Linguistic analysis of the valence, arousal and dominance of auditory hallucinations and internal thoughts in schizophrenia: Implications for psychoeducation and CBT

Research output: Contribution to journalArticlepeer-review



External departments

  • Durham University
  • Northumberland, Tyne and Wear NHS Foundation Trust


Original languageEnglish
Article number1703463
Number of pages5
JournalCogent Psychology
Issue number1
Publication statusPublished - 11 Dec 2019
Publication type

Research output: Contribution to journalArticlepeer-review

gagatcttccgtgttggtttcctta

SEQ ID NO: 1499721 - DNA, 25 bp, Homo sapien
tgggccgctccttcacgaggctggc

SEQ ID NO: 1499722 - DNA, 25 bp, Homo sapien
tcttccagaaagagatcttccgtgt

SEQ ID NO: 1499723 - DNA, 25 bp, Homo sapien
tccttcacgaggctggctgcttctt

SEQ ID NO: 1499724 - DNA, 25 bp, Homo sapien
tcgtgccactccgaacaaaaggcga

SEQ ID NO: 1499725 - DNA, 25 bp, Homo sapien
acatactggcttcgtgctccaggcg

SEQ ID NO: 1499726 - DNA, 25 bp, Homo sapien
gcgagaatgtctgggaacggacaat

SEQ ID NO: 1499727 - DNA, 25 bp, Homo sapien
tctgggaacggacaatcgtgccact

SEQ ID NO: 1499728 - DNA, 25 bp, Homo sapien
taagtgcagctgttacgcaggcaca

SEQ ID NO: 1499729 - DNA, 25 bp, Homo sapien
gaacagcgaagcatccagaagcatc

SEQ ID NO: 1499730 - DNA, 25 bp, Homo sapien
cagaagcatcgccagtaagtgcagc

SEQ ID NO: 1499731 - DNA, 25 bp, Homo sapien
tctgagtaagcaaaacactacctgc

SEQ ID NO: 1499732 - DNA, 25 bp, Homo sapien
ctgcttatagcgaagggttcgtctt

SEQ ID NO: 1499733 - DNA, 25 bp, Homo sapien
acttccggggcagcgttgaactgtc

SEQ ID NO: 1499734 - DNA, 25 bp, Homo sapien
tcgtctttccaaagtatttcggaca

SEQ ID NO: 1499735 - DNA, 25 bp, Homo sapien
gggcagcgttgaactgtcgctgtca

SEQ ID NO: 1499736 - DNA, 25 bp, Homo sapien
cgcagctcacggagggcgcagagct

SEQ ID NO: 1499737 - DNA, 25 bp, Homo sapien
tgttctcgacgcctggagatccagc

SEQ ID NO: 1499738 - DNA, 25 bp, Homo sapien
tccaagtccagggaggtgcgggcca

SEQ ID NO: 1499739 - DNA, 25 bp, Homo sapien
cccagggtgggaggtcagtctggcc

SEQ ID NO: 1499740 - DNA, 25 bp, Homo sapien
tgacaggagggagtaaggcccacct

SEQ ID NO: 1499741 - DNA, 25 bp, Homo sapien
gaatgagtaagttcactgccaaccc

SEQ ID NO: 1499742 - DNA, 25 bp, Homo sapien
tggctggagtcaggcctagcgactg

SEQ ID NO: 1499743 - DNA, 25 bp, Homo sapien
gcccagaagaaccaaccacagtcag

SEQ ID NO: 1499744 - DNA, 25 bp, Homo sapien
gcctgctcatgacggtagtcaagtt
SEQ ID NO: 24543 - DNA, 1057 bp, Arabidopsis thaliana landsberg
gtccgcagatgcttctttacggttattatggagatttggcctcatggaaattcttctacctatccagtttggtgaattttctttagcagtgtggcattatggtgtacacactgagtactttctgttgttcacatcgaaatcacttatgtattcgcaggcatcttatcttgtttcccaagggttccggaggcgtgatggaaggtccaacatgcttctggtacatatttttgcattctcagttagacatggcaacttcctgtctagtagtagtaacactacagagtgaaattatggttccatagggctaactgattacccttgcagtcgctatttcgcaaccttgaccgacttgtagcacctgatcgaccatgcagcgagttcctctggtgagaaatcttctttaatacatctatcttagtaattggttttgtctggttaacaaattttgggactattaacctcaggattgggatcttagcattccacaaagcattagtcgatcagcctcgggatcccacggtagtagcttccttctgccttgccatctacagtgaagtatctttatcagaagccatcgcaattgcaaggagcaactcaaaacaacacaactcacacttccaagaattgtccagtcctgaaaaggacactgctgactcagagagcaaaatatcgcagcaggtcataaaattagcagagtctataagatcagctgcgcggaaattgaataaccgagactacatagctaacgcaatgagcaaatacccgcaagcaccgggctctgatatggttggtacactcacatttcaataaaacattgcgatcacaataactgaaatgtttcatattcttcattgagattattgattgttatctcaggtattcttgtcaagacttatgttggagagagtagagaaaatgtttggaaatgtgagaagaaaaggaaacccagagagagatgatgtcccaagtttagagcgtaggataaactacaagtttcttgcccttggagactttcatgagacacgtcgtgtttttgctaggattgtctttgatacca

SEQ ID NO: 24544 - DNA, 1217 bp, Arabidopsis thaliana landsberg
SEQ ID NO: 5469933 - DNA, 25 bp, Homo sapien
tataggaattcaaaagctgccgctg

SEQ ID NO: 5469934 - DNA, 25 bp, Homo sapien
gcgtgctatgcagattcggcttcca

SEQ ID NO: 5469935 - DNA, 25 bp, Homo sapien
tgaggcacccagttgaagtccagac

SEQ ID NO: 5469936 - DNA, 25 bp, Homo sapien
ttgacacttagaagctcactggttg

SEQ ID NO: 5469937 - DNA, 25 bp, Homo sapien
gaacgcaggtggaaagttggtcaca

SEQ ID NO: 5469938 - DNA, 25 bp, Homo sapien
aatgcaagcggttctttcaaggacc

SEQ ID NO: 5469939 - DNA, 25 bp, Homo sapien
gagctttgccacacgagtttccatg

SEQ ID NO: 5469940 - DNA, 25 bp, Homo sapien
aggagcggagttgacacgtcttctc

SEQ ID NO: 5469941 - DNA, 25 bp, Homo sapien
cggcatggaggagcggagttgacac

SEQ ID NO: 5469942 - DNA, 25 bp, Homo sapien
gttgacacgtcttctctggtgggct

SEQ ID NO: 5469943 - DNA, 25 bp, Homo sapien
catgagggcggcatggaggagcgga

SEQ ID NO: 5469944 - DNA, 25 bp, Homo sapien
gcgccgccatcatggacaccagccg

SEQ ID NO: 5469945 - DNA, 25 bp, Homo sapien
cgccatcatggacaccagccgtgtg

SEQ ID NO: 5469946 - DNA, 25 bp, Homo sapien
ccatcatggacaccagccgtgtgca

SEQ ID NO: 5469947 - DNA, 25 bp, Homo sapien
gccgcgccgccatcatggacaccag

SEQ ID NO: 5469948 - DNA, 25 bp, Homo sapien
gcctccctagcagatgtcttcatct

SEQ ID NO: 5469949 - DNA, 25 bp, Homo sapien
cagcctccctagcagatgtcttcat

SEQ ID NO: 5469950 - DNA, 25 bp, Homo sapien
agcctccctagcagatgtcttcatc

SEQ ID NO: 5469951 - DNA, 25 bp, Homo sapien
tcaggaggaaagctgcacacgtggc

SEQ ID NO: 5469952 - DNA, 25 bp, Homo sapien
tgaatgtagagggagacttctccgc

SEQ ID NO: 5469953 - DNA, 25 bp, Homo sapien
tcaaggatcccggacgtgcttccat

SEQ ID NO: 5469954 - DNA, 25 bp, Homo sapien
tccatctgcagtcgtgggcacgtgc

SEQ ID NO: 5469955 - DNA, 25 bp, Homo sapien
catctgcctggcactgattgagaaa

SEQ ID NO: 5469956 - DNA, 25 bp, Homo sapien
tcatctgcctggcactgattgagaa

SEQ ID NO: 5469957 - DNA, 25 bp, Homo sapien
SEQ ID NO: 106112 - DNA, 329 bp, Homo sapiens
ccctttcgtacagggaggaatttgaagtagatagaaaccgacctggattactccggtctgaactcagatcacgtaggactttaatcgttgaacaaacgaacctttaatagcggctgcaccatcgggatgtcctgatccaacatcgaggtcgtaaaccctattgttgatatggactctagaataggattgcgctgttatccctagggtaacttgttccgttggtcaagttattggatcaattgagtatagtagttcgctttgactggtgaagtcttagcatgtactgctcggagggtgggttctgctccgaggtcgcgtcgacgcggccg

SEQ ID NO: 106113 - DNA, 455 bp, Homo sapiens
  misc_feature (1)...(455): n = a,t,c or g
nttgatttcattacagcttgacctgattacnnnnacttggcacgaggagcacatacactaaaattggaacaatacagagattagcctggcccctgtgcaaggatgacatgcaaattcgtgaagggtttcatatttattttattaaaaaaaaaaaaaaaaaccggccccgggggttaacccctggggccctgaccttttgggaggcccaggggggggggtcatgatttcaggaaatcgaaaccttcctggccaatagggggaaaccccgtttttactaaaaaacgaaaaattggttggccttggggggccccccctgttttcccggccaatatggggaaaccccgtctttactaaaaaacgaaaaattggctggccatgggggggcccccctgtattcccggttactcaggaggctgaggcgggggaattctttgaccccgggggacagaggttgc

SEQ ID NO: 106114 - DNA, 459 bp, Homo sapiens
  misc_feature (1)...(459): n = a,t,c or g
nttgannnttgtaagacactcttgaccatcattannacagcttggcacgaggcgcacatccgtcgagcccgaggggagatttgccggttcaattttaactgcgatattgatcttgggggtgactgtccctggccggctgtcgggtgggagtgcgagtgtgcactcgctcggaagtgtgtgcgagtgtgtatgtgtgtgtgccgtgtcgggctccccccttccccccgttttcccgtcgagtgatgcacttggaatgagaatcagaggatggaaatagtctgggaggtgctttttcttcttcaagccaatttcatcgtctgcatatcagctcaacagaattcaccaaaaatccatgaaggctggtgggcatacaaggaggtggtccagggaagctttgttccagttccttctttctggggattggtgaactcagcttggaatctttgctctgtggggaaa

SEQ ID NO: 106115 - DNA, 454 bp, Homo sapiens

70% of patients with schizophrenia suffer from auditory verbal hallucinations (AVH) which are frequently described as distressing and disabling. The content of AVH, in relation to internal thought, has never been linguistically tested in a self-monitoring study. The aim of this preliminary study was to establish if there was a significant difference between AVH and inner thoughts on the key linguistic parameters of valence (pleasantness), dominance (control) and arousal (intensity of emotion produced). Six volunteers with a diagnosis of schizophrenia from voice hearing support groups produced real-time, detailed diaries of AVH and inner thoughts using randomised/fixed timers. Analysis of content was completed using an established linguistic database. AVH were significantly more unpleasant and controlling but not more emotionally arousing than inner thoughts. Psychoeducation around the experience of hallucination in schizophrenia should include information that the voices will be significantly more unpleasant and controlling than their own thoughts but not more emotionally arousing. CBT might therefore include the use of compassion focussed techniques to help with the unpleasantness of AVH and schema level techniques to improve coping with the dominance of AVH.

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